HOLD FOR RELEASE AT 12:01 A.M., EDT ON MONDAY, AUG. 4, 2014 - In this April 1, 2014, photo, the headquarters for the U.S. Agency for International Development is seen in Washington. Six days after Cuban police arrested Alan Gross, an American contractor working on a clandestine operation, the U.S. government agency that paid for his trip was at it again, signing up a young Costa Rican for another secret mission to the island.  The project was part of a larger USAID program to
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J. David Ake

HOLD FOR RELEASE AT 12:01 A.M., EDT ON MONDAY, AUG. 4, 2014 - In this April 1, 2014, photo, the headquarters for the U.S. Agency for International Development is seen in Washington. Six days after Cuban police arrested Alan Gross, an American contractor working on a clandestine operation, the U.S. government agency that paid for his trip was at it again, signing up a young Costa Rican for another secret mission to the island. The project was part of a larger USAID program to "renegotiate the balance of power between the state and society" and usher in a political Cuban spring. At the helm was Creative Associates International, a Washington-based company that earns tens of millions of dollars in USAID contracts. From an office in San Jose, Costa Rica, Creative Associates ran both the travelerГ­s program and a secret "Cuban Twitter" project, known as ZunZuneo. (AP Photo/J. David Ake)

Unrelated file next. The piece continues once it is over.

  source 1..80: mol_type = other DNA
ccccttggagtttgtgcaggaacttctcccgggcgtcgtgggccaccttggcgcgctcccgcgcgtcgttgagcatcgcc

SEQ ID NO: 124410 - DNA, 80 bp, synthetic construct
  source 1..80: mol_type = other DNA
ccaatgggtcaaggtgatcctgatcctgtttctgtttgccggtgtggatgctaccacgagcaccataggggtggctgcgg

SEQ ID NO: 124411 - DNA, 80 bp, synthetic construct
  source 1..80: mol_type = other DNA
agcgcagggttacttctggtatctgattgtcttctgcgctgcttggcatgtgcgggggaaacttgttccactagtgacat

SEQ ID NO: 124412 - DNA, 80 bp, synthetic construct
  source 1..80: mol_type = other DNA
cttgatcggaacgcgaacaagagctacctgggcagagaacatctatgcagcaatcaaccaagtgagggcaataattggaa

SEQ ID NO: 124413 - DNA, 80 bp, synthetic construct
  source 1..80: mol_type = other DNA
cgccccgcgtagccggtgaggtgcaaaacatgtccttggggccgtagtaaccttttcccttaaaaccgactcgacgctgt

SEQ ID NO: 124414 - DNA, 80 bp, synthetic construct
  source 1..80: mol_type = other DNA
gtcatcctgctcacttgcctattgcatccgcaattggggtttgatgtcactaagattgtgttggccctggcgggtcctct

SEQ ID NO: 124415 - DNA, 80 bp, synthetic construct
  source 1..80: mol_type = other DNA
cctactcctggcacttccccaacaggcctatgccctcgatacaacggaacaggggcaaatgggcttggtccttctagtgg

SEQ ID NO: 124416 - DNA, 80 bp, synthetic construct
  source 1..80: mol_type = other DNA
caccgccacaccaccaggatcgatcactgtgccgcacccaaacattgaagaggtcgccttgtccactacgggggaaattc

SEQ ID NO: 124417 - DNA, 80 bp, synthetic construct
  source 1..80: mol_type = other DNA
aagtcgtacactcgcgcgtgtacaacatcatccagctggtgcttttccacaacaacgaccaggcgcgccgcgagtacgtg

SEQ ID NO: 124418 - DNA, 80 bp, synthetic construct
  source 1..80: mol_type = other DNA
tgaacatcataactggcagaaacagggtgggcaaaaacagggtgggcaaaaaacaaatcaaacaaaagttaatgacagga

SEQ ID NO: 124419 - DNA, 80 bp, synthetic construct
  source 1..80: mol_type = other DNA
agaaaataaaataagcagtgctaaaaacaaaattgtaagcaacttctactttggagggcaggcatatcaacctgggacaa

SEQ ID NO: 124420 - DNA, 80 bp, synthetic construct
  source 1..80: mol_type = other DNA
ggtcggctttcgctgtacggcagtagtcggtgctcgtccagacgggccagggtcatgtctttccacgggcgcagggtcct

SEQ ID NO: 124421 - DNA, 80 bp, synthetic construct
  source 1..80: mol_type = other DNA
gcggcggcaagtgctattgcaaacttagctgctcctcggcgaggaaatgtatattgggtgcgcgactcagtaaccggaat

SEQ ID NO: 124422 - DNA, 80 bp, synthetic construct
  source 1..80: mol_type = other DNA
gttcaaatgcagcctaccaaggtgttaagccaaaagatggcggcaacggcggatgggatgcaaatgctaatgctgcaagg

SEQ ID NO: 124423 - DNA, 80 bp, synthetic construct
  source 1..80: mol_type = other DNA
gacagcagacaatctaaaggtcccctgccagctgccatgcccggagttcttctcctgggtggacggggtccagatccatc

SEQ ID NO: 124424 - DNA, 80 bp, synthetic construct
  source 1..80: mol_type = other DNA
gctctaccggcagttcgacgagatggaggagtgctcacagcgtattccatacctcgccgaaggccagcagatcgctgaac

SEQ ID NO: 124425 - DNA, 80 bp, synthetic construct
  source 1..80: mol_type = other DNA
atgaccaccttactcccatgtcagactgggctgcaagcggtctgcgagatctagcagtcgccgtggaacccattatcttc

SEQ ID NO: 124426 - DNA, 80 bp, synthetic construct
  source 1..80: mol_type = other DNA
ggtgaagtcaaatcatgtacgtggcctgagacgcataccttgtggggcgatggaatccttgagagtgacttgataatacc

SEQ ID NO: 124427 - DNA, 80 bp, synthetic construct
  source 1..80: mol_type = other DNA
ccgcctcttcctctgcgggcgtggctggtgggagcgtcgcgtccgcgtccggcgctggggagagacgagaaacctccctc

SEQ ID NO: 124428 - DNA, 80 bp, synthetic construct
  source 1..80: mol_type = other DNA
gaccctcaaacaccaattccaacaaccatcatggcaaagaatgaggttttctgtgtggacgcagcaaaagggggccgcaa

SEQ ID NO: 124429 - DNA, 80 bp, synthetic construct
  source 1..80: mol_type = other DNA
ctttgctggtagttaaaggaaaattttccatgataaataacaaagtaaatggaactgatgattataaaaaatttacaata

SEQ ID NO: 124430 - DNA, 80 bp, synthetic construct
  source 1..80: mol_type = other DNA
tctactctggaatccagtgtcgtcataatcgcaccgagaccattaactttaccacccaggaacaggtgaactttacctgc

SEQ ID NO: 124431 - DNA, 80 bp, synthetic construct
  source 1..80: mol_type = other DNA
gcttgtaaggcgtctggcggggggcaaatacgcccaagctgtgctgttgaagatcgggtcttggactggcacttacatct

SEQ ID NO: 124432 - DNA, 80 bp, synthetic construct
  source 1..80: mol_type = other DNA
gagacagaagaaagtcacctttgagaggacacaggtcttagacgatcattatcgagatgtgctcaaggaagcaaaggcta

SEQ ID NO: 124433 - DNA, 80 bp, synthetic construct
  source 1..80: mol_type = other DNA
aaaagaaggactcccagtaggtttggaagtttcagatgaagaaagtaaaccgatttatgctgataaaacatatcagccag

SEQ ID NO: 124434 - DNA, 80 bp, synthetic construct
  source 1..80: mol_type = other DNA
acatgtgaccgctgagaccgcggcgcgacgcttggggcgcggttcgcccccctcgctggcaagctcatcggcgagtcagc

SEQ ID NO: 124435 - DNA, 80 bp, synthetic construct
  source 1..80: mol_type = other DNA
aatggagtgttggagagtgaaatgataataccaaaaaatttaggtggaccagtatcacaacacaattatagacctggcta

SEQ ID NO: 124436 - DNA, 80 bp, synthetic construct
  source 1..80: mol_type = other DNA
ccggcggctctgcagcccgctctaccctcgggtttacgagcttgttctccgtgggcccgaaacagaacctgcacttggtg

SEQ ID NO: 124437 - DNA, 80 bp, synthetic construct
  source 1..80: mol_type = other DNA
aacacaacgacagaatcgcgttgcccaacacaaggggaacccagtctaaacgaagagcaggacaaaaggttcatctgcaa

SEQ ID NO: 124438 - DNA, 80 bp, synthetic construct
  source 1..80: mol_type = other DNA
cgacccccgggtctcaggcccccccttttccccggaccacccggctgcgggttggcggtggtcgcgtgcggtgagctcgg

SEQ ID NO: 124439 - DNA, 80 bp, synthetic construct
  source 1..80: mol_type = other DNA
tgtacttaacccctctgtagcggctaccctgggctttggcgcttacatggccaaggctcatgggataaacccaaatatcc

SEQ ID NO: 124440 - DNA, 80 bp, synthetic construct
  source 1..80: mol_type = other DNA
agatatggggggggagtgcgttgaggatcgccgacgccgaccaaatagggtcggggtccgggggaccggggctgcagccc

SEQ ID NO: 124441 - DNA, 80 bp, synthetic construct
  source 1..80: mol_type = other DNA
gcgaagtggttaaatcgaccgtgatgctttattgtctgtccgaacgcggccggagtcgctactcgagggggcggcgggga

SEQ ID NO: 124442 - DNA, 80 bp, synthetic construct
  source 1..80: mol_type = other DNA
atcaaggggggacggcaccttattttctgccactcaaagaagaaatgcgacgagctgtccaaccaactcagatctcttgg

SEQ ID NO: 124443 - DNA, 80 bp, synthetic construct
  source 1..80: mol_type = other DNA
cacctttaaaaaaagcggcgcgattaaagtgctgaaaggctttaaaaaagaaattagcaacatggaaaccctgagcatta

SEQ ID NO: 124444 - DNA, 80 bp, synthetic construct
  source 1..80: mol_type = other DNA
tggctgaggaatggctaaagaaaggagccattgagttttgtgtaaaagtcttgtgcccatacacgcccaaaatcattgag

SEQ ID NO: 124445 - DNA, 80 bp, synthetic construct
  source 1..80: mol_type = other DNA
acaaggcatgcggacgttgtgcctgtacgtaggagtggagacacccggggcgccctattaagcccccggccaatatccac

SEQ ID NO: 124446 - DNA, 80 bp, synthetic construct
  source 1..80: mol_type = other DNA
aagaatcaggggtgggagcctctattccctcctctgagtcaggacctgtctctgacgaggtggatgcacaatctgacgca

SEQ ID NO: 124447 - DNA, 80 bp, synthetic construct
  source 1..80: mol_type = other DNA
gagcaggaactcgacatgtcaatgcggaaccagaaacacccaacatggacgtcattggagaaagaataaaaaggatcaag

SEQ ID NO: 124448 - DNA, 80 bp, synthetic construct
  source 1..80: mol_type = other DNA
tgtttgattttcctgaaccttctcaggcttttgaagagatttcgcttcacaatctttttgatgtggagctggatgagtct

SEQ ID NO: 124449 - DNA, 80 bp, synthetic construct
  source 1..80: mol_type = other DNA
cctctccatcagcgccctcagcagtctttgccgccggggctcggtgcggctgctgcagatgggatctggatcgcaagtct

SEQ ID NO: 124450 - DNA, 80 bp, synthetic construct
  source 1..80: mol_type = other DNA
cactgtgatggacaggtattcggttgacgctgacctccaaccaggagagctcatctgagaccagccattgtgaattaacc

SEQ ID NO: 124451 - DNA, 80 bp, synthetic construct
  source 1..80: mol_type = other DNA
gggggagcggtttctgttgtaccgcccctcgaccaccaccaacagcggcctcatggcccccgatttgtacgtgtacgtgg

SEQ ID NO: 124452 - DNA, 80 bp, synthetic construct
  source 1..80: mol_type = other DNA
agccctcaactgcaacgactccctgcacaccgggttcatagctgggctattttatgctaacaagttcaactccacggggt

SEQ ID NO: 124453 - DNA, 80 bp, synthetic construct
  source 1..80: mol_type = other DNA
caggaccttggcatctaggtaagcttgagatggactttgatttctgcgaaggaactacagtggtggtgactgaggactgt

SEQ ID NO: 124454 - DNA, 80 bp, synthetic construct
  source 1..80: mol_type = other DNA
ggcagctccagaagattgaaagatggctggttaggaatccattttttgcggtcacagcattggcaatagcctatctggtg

U.S. sent Latin youth undercover in anti-Cuba ploy

The Associated Press

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WASHINGTON — An Obama administration program secretly dispatched young Latin Americans to Cuba using the cover of health and civic programs to provoke political change, a clandestine operation that put those foreigners in danger even after a U.S. contractor was hauled away to a Cuban jail.

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